US President Barack Obama has reopened the debate about Guantanamo Bay, vowing another push to close the military detention center, describing it as "contrary to who we are" and a stain on the US’s international reputation.
His comments in late April put his legacy on the line once more, some four and a half years after his first pledge to close down the controversial prison in Cuba that houses 166 detainees captured abroad in the US wars in Iraq and Afghanistan.
That promise stalled when Obama’s plan to transfer inmates to high security prisons in the US and try some in federal courts was blocked by Congress in 2010.
Now 100 prisoners are on hunger strike at their seemingly indefinite detention, and 20 are being force fed, in the latest furore to dog Guantanamo.
And yet despite Obama repeating his wish to close the camp, the US President faces an uphill struggle to achieve this, experts say, doubting he will shut the prison in his second term.
As the controversy over the force-feeding thrusts Guantanamo back into the spotlight, human rights leaders have renewed their calls for the facility to shut.
"Many states don’t live up to their promises… but on this they [the US] have to do it, there’s no excuses, they have to do it - period," the United Nations special rapporteur on torture Juan Mendez told Al Jazeera.
However, experts question the US government’s commitment to closing Guantanamo in what would amount to a big political gamble by the current administration.
[Obama] doesn't want to be holding the political bag when one of the detainees returned to Yemen engages in a terrorist attack
"I don’t think there is the political will," said Vijay Padmanabhan, a lawyer for the State Department during the last Bush government and former chief counsel on Guantanamo.
"Coming up with any feasible plan to close the facility is very difficult to do," Padmanabhan said. "You’re holding a large number of people from countries with poor human rights records, who come from countries with severe security difficulties and we have a complete unwillingness to take anybody back in the United States for resettlement."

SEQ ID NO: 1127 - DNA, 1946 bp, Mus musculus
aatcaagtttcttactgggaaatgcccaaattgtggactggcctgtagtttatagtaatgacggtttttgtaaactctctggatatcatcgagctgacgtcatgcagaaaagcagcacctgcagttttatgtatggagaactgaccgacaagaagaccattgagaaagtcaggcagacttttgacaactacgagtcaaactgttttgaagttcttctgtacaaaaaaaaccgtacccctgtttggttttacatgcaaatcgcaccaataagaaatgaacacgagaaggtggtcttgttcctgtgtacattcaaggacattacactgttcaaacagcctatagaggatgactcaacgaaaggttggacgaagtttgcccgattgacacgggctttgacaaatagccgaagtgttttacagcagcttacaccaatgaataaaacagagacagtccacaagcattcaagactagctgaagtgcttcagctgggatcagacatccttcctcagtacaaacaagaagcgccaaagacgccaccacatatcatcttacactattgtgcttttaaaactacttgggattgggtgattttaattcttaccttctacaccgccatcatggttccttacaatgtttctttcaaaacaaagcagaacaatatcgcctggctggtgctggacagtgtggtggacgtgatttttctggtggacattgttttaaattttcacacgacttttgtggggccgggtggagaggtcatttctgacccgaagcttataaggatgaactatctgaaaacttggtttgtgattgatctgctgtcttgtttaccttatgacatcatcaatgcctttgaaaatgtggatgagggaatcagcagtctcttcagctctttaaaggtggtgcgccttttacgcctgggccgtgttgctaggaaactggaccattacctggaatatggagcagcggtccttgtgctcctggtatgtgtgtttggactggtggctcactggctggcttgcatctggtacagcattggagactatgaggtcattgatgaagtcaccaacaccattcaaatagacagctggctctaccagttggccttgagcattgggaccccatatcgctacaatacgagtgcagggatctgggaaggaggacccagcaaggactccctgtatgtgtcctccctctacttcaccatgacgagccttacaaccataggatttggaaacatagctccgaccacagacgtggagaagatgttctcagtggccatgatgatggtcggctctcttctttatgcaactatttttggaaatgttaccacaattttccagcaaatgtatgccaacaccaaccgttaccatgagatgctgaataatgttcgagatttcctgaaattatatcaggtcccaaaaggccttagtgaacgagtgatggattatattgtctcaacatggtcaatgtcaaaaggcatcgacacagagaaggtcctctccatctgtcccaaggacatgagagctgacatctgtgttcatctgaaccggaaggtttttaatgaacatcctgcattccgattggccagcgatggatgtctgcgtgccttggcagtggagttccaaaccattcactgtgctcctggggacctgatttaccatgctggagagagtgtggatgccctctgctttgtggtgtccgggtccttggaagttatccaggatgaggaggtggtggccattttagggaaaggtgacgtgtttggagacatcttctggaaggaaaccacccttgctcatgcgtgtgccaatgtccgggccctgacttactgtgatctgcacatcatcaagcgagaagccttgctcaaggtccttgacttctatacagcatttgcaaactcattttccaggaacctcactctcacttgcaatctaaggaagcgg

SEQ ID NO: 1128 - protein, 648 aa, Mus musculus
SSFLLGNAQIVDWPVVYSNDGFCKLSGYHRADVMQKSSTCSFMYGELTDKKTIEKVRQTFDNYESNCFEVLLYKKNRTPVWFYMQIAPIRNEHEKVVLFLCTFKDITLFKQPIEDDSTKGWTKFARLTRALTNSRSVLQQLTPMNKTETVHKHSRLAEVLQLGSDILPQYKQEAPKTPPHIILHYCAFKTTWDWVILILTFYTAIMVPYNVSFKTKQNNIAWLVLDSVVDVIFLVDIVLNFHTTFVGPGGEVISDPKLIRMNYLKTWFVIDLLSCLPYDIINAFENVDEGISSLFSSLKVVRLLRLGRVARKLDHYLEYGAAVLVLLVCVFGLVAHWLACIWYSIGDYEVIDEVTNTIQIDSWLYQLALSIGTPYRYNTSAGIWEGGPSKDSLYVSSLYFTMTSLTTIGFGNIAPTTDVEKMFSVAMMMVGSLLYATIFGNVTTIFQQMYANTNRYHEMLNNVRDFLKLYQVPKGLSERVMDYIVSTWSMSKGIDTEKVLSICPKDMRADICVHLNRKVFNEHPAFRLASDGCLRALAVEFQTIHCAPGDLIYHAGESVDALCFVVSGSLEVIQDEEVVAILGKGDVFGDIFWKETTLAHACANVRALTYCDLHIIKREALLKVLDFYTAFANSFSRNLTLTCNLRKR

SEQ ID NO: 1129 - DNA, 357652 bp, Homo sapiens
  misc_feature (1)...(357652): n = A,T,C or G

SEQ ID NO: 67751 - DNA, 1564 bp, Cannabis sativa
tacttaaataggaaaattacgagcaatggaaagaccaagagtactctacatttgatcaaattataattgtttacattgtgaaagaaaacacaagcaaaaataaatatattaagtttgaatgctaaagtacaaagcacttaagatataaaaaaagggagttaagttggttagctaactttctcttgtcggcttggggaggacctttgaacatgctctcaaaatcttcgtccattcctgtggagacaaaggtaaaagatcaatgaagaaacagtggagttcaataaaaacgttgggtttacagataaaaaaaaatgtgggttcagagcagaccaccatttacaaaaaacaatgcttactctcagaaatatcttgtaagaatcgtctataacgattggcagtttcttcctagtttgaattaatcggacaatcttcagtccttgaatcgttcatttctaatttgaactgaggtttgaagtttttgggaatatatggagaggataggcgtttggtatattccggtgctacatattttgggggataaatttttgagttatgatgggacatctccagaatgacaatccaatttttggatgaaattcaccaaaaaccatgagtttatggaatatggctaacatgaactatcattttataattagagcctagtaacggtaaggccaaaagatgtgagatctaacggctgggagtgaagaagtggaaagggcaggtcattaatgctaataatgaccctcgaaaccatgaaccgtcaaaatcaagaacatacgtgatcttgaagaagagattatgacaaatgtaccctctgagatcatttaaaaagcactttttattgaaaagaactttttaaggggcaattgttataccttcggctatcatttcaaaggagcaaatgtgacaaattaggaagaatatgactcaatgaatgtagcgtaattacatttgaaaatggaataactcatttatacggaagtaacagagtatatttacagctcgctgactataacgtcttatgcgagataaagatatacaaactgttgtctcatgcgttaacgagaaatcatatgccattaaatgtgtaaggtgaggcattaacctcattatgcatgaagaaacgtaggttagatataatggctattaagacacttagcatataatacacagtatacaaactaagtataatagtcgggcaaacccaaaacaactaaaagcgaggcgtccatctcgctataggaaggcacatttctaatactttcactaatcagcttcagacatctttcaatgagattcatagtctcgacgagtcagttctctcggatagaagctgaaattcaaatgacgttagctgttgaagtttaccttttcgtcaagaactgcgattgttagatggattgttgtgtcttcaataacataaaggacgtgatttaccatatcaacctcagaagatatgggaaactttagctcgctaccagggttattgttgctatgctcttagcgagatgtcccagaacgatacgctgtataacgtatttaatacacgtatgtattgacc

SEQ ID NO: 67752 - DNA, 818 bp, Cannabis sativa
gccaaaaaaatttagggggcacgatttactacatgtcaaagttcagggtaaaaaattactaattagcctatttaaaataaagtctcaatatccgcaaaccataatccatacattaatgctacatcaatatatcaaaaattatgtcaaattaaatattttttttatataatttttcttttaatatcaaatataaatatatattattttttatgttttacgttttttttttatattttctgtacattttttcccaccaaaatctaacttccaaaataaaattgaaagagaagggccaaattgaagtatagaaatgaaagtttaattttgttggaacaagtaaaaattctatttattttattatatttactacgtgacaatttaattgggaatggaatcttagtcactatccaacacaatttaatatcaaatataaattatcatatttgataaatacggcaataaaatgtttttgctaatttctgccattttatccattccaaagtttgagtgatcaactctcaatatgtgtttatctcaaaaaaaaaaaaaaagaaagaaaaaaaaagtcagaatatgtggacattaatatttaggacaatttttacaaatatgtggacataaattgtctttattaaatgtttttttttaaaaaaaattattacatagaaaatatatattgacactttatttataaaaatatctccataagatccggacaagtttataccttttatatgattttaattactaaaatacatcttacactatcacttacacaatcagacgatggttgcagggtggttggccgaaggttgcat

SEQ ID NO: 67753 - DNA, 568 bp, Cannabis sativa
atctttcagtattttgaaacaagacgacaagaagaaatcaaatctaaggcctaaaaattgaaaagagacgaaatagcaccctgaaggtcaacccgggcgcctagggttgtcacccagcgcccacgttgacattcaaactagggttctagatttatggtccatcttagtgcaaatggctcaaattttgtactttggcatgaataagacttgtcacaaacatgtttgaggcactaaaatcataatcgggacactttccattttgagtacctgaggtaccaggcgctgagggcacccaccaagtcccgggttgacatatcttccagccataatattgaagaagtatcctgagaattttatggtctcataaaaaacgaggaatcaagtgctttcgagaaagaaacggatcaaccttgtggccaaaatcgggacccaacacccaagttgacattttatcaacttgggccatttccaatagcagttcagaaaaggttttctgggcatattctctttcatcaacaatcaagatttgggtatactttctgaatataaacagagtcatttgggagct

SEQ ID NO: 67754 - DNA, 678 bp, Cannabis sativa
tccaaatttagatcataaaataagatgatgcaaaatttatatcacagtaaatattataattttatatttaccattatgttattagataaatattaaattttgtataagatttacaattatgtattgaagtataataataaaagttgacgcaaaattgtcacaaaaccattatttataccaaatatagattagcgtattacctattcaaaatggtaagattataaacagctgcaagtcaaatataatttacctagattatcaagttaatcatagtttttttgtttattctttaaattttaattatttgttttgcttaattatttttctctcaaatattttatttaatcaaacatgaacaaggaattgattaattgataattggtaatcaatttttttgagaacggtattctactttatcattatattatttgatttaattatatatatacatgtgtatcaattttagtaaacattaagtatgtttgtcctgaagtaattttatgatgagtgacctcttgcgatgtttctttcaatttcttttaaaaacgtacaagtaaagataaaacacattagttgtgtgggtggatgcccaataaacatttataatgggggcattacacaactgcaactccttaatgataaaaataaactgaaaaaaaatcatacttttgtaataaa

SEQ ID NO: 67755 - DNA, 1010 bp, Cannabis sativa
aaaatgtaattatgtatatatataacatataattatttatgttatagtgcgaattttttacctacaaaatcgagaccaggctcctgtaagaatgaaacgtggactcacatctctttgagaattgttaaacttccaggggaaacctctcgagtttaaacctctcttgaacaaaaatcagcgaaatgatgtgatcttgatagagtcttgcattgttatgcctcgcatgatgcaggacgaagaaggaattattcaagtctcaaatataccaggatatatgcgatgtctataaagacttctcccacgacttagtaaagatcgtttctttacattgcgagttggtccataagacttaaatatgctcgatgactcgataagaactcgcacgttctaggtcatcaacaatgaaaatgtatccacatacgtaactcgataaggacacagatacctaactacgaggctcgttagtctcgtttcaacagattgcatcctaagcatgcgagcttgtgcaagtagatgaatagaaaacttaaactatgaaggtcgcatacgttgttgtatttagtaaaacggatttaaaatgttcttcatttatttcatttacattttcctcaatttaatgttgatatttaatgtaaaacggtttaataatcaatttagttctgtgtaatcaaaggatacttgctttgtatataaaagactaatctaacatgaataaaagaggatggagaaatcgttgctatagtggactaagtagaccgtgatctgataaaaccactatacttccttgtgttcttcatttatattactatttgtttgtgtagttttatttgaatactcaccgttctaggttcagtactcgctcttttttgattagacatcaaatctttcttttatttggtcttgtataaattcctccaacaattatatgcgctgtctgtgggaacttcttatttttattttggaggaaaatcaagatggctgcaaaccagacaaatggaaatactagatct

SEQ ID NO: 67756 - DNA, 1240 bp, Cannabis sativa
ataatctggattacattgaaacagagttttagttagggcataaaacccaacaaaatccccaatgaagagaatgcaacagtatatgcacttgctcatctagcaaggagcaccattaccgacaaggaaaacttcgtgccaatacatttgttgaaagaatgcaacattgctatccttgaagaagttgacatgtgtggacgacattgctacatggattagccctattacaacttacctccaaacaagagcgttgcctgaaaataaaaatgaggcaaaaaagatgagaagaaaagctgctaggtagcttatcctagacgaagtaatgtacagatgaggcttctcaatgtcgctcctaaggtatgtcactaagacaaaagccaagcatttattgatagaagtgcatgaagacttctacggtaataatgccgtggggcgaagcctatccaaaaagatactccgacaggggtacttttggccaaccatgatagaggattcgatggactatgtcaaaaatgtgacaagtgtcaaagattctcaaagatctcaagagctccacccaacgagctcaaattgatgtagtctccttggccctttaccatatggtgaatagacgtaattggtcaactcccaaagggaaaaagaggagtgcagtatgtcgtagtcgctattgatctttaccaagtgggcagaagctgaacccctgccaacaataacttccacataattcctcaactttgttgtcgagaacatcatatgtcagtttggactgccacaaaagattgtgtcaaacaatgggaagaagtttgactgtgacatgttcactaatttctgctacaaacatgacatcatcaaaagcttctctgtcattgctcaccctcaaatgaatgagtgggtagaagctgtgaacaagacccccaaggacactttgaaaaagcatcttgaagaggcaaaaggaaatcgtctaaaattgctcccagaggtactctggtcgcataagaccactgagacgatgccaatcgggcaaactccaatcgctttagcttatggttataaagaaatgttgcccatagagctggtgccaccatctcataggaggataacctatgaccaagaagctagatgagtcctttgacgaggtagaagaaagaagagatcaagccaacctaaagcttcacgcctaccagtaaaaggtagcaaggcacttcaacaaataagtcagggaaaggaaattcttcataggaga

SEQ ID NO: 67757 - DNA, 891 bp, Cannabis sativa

Guantanamo Bay was set up by the previous US President George W Bush in 2002 to house suspected "terrorists" seized post 9/11 in the so-called war on terror. Rights groups and legal experts have widely condemned the US for holding Guantanamo detainees for years without charge, most with no prospect of trial.
A pressing concern for Obama is what to do with the 86 detainees cleared for release, of which 56 are Yemeni. Transfers to the Arab country were halted after a failed attempt in 2010 to blow up a US passenger jet was linked to Yemen.
Any move to repatriate those cleared for release is littered with complications. As well as fears they could be tortured in their home countries, the US must prove Yemen is not a state sponsor of terrorism and could monitor former inmates to prevent them from returning to the fight and attacking the US or its interests abroad. In 2009 the Pentagon said 61 former detainees had returned to "terrorism".
Obama has been quick to blame partisan meddling in Congress for the lack of progress with Guantanamo, though some experts say the president could have pushed harder to transfer detainees.
In 2012, Congress loosened restrictions on transferring prisoners abroad if it was in the US’ "national security interests", yet Obama has chosen not to use the waiver provision, a sign his government is reluctant to risk such a move.
“The president recognises that transfers to Yemen are risky,” Padmanabhan said. “He doesn’t want to be holding the political bag when one of the detainees returned to Yemen engages in a terrorist attack.”
|Obama doesn't want to return detainees to Yemen despite the international outcry over Guantanamo prison [AFP]